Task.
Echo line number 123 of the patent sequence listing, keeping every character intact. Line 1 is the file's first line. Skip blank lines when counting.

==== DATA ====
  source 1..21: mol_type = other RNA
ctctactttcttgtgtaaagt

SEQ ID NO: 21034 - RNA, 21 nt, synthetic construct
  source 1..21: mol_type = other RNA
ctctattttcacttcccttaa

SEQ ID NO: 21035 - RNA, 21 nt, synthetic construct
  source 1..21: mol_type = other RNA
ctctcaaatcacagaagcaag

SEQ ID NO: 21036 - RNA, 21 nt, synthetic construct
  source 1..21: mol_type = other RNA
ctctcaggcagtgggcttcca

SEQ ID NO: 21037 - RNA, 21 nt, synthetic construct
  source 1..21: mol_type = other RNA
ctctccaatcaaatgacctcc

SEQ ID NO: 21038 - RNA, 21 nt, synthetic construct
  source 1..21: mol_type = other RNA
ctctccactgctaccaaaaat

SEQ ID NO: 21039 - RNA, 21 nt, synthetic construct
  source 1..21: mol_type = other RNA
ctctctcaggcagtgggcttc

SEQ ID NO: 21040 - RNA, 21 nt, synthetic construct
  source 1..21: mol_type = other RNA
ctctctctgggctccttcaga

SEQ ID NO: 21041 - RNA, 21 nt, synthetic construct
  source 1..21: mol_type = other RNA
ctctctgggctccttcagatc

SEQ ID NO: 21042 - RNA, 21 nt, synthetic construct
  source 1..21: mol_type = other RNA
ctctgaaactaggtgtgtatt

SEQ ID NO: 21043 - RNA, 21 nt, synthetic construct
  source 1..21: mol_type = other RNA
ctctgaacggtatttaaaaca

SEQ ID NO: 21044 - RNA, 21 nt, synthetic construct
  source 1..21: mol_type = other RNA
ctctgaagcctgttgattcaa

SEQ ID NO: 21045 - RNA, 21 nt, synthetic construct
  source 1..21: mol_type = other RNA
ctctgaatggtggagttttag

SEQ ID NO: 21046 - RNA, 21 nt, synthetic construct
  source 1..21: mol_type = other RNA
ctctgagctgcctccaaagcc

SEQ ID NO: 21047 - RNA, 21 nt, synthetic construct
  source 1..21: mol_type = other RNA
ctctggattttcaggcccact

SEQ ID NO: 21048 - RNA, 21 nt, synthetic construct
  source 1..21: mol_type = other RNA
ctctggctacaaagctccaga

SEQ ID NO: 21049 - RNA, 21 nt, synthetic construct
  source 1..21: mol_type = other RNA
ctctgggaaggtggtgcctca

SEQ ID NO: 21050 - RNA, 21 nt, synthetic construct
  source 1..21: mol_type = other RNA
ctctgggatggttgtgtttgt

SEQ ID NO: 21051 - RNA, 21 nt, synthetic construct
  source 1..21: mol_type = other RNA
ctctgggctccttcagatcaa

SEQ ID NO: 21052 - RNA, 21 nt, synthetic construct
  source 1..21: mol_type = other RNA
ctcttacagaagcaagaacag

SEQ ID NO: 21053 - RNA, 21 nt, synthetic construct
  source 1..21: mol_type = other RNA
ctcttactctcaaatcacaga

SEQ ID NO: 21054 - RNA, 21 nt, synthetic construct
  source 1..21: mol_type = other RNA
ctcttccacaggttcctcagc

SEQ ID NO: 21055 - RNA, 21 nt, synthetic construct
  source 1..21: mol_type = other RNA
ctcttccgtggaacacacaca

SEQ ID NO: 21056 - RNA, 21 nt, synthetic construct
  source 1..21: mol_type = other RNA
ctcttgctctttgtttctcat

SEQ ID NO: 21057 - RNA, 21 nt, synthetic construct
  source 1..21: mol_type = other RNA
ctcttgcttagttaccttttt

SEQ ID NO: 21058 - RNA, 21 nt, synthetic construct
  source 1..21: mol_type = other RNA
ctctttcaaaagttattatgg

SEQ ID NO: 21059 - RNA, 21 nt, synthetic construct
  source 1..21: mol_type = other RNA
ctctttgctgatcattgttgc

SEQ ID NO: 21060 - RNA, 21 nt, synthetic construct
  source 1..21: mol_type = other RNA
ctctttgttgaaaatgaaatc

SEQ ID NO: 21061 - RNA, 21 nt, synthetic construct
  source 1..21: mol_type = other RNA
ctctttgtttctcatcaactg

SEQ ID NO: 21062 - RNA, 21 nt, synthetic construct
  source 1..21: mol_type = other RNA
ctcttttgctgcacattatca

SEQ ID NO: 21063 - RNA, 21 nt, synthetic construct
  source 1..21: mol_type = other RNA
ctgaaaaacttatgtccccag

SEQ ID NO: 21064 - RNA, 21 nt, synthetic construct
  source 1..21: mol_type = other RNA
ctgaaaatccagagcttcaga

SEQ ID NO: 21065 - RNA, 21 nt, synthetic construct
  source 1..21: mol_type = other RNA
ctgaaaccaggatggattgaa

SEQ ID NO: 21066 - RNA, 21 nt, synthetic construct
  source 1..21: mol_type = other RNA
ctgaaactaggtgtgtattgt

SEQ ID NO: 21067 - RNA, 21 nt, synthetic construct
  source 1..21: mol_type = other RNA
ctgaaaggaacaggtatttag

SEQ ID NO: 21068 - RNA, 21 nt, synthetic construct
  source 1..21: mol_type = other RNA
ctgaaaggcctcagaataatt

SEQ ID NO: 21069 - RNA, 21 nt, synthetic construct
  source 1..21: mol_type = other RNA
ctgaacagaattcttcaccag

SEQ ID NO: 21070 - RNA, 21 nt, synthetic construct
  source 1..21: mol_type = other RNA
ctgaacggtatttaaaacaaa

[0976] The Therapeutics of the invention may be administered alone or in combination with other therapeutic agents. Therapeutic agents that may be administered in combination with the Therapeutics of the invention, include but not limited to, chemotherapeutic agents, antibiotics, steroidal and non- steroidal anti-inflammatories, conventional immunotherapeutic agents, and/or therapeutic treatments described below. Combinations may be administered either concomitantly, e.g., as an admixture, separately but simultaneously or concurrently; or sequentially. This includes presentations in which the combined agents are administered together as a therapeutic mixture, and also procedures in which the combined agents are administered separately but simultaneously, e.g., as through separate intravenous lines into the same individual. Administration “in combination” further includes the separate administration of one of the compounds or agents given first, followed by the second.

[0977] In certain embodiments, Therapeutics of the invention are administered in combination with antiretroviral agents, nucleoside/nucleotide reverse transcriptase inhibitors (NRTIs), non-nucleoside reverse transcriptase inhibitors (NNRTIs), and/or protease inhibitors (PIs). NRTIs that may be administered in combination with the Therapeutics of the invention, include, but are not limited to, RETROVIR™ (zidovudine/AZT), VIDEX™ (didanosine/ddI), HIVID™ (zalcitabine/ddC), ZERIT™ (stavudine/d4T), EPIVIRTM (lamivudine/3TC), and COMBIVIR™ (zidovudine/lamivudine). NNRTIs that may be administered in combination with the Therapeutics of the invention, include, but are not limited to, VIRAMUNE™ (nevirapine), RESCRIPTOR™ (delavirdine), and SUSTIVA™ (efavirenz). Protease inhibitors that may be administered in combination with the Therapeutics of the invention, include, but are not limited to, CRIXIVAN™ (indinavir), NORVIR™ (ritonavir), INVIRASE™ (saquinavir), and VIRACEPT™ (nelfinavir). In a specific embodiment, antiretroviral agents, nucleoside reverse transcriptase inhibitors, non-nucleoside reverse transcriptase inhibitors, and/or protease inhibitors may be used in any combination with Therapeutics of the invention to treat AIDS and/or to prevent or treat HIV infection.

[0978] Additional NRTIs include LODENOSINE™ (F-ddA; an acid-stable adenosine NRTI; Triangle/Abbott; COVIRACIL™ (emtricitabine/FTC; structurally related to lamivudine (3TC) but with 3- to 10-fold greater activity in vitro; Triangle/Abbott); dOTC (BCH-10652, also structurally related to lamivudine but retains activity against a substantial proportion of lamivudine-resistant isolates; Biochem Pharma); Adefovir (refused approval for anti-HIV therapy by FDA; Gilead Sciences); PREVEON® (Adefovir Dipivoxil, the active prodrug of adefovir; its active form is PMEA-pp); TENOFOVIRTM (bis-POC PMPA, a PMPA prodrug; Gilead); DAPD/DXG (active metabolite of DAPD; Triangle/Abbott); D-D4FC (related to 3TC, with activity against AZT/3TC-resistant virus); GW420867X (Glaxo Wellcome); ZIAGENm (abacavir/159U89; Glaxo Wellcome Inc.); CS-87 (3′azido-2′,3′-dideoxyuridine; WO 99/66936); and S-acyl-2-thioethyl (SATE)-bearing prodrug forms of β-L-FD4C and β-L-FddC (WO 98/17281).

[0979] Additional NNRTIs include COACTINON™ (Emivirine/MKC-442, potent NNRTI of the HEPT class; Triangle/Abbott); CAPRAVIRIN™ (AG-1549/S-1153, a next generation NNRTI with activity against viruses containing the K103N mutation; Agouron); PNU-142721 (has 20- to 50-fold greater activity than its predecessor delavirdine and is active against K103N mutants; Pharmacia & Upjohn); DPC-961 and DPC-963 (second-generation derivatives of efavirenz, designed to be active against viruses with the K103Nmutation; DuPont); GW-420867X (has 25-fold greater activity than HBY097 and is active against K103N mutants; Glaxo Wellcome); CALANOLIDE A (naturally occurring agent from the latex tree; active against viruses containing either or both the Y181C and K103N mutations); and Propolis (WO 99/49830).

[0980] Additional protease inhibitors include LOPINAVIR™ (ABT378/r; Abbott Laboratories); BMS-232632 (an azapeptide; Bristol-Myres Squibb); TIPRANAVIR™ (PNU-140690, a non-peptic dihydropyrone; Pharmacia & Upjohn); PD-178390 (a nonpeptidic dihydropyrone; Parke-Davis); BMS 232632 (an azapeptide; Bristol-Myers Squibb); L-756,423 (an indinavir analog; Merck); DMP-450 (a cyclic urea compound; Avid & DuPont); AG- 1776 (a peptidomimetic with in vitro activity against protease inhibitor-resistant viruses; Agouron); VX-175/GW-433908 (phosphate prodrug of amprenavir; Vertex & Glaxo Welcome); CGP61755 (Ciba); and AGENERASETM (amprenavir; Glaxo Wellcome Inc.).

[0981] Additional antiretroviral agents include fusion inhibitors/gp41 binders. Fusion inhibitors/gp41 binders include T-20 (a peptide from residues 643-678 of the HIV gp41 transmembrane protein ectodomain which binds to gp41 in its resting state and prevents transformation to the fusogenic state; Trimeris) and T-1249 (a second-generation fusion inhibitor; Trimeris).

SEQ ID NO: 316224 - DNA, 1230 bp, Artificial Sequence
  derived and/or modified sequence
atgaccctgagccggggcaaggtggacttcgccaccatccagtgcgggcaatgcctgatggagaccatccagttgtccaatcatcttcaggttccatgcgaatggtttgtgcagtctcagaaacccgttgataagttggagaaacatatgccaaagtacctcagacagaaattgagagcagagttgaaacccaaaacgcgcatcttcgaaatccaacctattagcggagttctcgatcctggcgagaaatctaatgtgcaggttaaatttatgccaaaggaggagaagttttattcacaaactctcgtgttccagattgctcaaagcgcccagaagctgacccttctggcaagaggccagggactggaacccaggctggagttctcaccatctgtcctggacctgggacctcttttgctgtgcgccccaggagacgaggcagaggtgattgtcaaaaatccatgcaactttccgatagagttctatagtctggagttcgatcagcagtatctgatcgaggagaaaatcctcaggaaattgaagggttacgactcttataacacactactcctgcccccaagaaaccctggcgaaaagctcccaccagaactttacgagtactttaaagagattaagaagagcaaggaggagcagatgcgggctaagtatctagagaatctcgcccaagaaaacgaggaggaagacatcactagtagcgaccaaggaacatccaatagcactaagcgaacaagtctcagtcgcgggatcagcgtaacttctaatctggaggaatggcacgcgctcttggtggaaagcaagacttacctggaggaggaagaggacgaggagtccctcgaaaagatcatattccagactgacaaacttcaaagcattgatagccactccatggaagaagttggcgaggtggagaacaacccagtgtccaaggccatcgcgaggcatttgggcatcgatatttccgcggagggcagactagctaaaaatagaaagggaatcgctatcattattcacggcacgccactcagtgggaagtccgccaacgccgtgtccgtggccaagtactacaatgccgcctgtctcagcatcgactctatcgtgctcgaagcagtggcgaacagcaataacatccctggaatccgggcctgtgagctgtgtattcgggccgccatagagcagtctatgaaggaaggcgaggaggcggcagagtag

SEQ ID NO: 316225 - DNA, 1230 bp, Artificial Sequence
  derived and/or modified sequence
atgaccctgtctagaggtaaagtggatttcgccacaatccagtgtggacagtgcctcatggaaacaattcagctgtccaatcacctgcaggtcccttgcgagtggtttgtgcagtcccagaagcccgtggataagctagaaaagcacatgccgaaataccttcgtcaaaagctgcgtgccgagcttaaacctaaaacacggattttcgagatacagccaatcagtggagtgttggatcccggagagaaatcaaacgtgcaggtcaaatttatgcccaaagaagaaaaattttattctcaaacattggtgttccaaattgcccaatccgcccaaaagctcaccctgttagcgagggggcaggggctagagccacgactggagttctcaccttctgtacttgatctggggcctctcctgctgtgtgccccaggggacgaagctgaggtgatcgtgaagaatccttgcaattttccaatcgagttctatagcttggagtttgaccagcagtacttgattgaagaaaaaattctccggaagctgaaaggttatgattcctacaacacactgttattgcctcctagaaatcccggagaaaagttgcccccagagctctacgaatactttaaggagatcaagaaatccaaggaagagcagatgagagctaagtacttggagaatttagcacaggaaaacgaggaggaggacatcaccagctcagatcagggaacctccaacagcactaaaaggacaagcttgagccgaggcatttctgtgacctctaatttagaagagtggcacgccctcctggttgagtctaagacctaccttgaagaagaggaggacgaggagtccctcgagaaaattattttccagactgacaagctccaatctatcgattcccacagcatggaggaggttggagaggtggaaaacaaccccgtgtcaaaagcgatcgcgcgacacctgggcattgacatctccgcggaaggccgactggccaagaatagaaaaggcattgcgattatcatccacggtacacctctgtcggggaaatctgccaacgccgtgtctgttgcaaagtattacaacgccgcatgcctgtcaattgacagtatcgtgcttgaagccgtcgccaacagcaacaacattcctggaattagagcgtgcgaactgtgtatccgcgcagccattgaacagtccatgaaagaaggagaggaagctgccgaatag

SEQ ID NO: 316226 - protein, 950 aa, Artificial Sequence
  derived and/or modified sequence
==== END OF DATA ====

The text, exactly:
SEQ ID NO: 316225 - DNA, 1230 bp, Artificial Sequence